There are some who can live without wild things and some who cannot. –Aldo Leopold, “Foreward,” A Sand County Almanac (1949)
If you are struggling with the hostile and divisive atmosphere around politics generally, and specifically around conservation and environmental issues, it may be reassuring to remember that Leopold was facing great indifference to the concept of a land ethic during his life too. He opened A Sand County Almanac with the stark recognition that not everyone values “wild things.” In these periods of angst, voices like Leopold take on even more value because they help calibrate our own moral compasses and remind us that others fought through the challenges of their own times in order to bring positive change for future generations.
Our lead article “Little Brown Icarus,” by the tireless and talented conservationist J. Drew Lanham, reminds us of just how important role models are and that we need to consciously cultivate more paths to help everyone find and then fulfill a connection with nature. Also featured in this issue is an interview with Les Stroud, known to most as “Survivorman,” who himself uses multiple mediums and talents to reach audiences. He challenges people to simply “connect with nature.” Les believes that starting with that simple step “will give you the information you need for effective living.” Join us for the upcoming Building a Land Ethic conference this June to see Les’s inspiring performance!
Cranes were a powerful metaphor for Leopold of “wildness” and its vulnerability in the face of a society that did not recognize its interdependence with nature. Stan Temple recounts one of our modern conservation success stories – the sandhill crane – and the new ethical debate around the recovered species. The successes outlined in Stan’s piece are put into better context when you read Leopold’s own “Marshland Elegy,” penned at a time when Leopold was predicting that sandhill cranes would likely become extinct.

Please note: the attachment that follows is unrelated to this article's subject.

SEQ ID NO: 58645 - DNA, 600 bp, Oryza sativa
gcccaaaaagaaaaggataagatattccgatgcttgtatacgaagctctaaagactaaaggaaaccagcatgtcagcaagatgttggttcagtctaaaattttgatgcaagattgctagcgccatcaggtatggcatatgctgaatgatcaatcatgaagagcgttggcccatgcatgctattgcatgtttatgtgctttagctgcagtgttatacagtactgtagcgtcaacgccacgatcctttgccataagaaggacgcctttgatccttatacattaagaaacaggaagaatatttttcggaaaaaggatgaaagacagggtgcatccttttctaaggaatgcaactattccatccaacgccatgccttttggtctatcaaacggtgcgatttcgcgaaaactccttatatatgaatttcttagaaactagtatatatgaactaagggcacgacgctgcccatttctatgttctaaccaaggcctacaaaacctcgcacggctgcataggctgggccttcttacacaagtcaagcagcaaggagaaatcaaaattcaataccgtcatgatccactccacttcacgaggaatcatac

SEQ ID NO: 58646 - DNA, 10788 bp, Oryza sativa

Cranes have inspired cultures all over the world to take note of their stature, beauty, and startling call, but in Wisconsin, the awe and appreciation seem to run particularly deep. Famed wildlife artist Owen Gromme was a colleague and contemporary of Leopold’s and was equally moved by sandhill cranes, featuring them in several of his most notable paintings which now hang in libraries, hospitals, offices, and living rooms all over the Midwest. The origin and history of a totally unique and little known Gromme painting now on display at the Leopold Center are conveyed in Madeline Fisher’s article, “Owen J. Gromme Painting Finds a New Home.” Come see this gem and a new exhibit on sandhill cranes at our visitor center! This exhibit celebrates the recovery of the crane, just one of several of grassland bird species that benefit as a result of the Leopold-Pine Island Important Bird Area featured in “The Leopold Atlas.” Steve Swenson, Mike Mossman, and Yoyi Steele, the leadership of the Leopold-Pine Island Important Bird Area, chronicle how neighbors and partners are working across 15,000 acres of private and publicly owned land surrounding the historic Leopold Shack to improve habitat for grassland bird populations that are at historic lows across the upper Midwest.
In the “Backyard Almanac,” we are reminded of the importance of the overall integrity of the biological community to human health and well-being by looking at some of our smallest fellow citizens: bees—and in particular native bees. For the first time ever a bee species, the rusty patched bumblebee, was officially added to the list of endangered species after suffering a population decline of 90%. Maybe you’ll be motivated to do your part by planting native plants and keeping your yard “as messy as you can tolerate” to ensure suitable habitat for bees and other pollinators.
Hopefully, these pages rekindle your own love for wild things and reinvigorate your commitment to do all you can to care for people and land.
Top photo courtesy of Matt Bolick.
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